EU bans illegal timber
Published: 08 July, 2010
BRUSSELS: The EU parliament has voted overwhelmingly in favour of legislation to ban illegal timber trade in the EU from 2012.
The regulations, which still need European Council approval before coming into effect, will close a loophole that has made it possible for European firms to import and sell timber that has been logged illegally in countries such as Brazil and Indonesia.
According to World Wildlife Fund, this trade is worth up to £700m a year and accounts for as much as a fifth of timber imported into the EU.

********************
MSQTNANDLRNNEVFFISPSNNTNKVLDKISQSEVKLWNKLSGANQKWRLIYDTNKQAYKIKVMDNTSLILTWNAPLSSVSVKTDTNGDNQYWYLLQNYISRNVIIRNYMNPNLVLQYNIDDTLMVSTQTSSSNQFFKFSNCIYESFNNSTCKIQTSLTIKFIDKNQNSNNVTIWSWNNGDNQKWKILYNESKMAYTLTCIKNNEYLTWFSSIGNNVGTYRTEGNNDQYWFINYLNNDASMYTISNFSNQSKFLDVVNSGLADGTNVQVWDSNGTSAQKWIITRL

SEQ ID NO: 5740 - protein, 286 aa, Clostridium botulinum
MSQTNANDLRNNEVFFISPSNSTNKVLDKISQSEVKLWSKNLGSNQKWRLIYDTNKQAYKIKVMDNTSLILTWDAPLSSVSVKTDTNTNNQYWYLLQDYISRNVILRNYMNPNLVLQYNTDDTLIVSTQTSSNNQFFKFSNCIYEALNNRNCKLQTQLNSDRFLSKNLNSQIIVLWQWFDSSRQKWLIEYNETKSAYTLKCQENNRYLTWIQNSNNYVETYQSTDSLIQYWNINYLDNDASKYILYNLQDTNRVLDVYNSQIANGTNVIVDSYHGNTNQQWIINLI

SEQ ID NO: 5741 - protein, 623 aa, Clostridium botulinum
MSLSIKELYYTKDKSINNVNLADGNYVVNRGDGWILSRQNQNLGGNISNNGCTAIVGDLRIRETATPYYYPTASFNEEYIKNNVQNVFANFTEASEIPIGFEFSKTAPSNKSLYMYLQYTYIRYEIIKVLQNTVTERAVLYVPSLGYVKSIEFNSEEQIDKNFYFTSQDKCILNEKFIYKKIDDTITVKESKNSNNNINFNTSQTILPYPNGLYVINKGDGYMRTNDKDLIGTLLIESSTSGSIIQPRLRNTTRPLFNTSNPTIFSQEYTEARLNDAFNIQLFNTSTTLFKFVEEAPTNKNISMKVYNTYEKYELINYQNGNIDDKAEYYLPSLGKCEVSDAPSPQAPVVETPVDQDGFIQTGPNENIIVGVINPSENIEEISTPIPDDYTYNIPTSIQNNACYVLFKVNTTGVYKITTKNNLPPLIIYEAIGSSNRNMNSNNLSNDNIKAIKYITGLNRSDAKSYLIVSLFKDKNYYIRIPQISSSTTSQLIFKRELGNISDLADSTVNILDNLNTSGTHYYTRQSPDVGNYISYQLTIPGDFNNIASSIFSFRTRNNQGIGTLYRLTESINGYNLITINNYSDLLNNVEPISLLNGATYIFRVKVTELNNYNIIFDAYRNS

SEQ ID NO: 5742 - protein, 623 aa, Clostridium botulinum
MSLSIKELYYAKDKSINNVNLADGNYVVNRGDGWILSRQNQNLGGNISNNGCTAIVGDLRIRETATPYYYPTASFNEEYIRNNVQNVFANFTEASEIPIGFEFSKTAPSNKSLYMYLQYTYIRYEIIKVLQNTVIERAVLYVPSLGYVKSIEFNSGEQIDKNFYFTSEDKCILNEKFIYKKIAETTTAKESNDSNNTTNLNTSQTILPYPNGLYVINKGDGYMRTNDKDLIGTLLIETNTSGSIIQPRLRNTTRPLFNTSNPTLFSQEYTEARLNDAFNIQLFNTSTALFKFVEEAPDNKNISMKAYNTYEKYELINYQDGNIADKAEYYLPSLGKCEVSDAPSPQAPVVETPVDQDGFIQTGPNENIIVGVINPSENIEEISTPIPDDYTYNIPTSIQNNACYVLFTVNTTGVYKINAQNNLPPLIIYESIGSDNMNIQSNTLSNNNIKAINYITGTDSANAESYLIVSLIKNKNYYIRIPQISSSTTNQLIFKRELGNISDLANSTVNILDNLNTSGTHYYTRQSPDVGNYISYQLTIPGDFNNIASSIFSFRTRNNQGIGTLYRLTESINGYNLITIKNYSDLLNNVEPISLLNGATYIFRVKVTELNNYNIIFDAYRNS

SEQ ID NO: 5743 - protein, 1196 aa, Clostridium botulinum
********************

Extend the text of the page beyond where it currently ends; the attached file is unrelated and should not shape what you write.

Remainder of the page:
Under the new regulations, all companies importing and selling timber in the EU will be required to demonstrate that they have exercised adequate due diligence to ensure their timber has been felled legally.
Retailers including B&Q welcomed the move saying it will provide a level the playing field within the retail sector and help ensure the preservation of the world's forests.
Euan Sutherland, B&Q chief executive said: "We've been leading the industry with our responsible timber sourcing policies for many years and are able to trace the origin of our timber products right to the tree in the forest that it came from. This means our customers can be assured they are buying responsibly sourced timber and we are currently talking to them about how we can make it easier for them to understand this."